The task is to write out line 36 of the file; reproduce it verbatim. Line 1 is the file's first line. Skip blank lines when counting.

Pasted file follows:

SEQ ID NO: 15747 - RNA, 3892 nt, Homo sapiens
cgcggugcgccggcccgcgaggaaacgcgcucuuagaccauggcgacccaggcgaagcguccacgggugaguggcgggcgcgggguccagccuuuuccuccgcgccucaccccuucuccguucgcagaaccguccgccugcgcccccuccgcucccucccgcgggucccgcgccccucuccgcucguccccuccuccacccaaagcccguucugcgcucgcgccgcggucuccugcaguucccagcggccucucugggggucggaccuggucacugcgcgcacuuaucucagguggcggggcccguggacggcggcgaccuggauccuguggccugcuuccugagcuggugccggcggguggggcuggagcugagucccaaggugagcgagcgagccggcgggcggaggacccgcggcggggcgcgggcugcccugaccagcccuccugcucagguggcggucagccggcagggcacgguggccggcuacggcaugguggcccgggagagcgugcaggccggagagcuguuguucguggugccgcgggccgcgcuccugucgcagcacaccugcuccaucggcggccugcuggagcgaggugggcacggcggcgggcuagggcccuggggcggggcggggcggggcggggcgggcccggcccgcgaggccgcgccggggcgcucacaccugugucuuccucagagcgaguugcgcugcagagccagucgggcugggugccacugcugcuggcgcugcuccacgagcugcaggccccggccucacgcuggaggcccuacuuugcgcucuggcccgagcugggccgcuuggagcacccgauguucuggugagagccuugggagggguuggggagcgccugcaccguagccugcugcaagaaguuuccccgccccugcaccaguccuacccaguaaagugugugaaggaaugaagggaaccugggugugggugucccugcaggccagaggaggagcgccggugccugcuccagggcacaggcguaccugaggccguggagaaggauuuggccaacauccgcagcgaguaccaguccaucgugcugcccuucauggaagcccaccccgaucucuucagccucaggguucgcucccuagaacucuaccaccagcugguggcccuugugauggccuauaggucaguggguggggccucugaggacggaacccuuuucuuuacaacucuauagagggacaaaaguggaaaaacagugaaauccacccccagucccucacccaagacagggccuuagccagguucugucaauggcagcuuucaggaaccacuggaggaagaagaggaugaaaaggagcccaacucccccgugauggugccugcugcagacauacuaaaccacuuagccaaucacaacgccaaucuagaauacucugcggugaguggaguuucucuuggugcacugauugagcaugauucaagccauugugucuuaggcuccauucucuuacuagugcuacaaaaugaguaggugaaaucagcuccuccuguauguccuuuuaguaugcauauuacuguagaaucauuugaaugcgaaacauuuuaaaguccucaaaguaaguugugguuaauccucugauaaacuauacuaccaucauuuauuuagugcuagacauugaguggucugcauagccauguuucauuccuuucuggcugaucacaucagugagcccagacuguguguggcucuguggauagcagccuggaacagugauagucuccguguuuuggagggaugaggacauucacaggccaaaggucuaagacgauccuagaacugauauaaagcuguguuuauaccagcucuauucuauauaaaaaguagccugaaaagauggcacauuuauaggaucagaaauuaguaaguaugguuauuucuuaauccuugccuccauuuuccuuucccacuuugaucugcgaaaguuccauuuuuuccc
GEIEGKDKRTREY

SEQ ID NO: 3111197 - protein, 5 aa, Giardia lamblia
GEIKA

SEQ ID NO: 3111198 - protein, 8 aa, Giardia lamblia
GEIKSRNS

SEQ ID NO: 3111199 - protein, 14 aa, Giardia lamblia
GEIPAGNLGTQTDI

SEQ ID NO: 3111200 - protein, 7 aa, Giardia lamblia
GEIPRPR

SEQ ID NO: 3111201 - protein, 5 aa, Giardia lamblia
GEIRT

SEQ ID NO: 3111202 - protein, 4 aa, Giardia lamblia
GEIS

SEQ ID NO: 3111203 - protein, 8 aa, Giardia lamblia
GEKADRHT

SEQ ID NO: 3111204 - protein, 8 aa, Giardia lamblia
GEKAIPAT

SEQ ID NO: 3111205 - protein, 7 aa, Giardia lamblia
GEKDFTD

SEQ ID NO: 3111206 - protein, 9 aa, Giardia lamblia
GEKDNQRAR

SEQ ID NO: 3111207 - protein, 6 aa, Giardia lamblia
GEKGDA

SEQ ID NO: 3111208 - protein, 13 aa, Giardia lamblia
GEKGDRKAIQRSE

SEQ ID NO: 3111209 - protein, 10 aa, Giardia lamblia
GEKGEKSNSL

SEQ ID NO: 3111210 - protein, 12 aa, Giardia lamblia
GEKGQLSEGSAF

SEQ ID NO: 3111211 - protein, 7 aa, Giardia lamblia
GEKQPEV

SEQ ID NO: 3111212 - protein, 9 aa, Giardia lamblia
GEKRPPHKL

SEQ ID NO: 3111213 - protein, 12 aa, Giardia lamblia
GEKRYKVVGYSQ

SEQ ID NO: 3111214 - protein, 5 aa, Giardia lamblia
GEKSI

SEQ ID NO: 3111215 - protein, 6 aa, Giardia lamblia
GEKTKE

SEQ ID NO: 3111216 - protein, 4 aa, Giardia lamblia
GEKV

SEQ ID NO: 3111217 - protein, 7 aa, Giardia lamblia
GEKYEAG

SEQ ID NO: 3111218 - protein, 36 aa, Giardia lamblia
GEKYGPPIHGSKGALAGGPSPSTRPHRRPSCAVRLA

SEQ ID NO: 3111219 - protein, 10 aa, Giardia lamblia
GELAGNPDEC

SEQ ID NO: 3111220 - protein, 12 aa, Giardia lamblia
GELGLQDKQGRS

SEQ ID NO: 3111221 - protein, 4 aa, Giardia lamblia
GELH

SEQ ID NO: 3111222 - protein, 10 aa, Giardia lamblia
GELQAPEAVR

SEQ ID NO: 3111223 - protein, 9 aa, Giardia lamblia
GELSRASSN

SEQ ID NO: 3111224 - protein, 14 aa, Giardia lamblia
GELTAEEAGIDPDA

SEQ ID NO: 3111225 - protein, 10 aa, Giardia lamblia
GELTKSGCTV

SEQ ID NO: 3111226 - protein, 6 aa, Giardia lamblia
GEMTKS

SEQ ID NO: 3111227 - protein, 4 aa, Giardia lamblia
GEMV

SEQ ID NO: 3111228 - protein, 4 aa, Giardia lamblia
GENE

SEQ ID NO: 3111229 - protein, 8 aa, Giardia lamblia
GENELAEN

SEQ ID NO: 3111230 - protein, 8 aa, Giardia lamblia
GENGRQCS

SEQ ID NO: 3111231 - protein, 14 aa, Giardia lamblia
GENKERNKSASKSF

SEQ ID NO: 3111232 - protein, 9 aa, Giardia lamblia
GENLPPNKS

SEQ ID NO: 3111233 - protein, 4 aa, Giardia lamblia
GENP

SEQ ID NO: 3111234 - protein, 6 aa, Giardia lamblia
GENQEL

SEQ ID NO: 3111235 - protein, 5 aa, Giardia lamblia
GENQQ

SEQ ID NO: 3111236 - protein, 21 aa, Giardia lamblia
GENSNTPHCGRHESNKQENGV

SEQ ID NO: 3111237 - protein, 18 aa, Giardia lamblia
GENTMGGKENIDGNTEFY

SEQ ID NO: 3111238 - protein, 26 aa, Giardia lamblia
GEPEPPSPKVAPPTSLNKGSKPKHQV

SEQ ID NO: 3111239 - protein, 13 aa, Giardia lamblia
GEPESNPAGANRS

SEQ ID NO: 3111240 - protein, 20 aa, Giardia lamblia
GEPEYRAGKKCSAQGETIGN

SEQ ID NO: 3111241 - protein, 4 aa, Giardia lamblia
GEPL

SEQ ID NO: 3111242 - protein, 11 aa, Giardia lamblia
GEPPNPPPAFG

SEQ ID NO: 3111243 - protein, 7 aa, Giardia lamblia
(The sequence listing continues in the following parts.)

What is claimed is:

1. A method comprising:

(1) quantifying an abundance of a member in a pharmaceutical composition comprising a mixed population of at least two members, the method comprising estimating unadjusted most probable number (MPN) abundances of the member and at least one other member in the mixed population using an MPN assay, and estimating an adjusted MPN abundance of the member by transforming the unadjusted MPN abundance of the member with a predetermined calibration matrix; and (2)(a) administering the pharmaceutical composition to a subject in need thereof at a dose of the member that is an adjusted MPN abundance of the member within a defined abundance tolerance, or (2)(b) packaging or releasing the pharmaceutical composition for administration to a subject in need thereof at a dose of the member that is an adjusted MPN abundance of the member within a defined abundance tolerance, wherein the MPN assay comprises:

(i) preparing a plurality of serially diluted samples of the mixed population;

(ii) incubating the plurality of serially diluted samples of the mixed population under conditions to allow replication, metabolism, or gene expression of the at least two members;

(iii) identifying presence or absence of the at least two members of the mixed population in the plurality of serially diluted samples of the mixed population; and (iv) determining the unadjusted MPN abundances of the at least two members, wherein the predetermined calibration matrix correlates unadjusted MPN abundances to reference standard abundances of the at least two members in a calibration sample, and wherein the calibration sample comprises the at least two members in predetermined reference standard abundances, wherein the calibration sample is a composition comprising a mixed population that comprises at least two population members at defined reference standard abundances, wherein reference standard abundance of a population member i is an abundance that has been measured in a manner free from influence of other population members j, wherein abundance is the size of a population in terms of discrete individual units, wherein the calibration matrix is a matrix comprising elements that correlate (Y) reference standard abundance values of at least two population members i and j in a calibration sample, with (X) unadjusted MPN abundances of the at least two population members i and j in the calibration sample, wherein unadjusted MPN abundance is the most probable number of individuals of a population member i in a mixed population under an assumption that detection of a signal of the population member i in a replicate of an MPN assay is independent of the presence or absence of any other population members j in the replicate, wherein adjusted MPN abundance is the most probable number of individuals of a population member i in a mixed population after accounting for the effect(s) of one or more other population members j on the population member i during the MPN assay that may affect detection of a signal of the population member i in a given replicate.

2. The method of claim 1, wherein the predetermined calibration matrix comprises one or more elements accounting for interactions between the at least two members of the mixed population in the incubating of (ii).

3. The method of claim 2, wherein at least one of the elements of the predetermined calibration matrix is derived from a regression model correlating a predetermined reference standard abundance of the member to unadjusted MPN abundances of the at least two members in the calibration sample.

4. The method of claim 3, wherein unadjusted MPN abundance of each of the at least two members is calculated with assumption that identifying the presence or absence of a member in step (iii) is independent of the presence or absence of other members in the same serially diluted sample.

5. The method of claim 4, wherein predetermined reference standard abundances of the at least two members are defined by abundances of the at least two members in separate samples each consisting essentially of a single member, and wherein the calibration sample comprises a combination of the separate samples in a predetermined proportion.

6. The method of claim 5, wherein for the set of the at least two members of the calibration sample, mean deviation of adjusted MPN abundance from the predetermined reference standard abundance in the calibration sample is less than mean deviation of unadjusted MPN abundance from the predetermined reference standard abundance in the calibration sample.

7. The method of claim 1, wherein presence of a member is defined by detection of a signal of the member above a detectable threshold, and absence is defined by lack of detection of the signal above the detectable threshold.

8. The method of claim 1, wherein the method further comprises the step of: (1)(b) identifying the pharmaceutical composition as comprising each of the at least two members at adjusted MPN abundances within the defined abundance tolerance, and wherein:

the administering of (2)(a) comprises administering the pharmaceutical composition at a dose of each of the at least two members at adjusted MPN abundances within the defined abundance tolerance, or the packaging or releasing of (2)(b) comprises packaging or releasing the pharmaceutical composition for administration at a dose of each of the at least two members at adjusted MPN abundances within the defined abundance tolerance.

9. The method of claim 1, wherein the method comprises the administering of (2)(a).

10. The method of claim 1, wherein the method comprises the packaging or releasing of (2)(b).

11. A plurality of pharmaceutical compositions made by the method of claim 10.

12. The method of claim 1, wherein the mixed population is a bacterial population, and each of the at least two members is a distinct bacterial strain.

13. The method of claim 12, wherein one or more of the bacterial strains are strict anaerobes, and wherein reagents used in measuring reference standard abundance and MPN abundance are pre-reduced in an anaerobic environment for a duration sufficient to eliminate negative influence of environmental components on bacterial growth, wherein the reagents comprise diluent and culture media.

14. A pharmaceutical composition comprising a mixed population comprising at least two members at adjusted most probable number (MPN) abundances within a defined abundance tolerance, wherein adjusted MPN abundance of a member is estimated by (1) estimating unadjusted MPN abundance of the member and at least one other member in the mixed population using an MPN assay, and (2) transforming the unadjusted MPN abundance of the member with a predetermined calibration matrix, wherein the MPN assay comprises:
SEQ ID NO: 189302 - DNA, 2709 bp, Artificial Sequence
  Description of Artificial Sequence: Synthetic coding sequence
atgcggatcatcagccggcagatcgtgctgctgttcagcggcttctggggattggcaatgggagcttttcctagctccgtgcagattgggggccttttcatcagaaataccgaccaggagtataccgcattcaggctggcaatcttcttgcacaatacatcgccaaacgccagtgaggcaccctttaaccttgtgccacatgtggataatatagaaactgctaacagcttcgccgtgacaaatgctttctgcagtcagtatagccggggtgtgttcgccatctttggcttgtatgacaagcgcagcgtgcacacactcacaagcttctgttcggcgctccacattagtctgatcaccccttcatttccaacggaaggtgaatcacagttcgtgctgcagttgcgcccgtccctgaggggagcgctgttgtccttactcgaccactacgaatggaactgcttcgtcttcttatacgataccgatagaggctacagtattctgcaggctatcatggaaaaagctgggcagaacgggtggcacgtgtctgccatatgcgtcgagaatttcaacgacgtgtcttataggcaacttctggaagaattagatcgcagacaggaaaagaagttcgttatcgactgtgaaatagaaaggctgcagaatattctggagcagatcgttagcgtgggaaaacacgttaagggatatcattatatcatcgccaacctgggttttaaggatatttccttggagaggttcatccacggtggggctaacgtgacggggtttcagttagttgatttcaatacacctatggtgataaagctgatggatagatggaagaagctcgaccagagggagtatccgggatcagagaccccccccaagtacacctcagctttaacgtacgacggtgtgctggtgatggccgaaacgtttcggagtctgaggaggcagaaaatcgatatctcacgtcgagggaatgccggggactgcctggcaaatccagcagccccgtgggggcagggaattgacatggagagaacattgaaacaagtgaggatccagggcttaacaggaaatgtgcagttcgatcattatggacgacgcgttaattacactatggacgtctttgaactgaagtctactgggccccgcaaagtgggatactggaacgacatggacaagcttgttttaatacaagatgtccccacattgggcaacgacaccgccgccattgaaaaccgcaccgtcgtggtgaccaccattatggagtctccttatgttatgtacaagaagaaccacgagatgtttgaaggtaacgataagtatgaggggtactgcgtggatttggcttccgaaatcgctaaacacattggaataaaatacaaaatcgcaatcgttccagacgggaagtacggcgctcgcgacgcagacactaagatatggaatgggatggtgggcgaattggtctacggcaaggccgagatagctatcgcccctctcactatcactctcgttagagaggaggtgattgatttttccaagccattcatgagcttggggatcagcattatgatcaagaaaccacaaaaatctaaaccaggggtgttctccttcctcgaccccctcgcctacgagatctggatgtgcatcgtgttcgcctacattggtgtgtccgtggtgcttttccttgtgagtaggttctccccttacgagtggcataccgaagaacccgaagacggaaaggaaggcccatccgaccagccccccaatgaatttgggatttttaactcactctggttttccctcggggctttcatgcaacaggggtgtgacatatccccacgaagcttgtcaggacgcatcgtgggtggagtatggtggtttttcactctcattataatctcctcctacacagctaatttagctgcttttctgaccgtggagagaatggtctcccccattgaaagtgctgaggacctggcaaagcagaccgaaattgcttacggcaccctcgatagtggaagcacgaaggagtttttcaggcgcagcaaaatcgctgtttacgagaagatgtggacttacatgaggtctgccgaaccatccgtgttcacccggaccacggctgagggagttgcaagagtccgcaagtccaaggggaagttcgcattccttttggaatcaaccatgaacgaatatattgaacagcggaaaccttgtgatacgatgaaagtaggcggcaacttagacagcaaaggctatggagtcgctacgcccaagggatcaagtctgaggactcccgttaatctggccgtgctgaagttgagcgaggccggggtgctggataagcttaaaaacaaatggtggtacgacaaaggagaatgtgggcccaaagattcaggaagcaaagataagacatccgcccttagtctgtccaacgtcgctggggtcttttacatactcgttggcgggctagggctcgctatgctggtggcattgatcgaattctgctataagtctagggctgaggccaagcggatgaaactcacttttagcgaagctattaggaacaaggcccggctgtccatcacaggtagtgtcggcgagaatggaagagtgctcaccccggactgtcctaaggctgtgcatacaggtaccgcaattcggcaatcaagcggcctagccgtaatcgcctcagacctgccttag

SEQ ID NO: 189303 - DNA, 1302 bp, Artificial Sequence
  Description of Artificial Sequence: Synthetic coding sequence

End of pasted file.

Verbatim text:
SEQ ID NO: 3111213 - protein, 12 aa, Giardia lamblia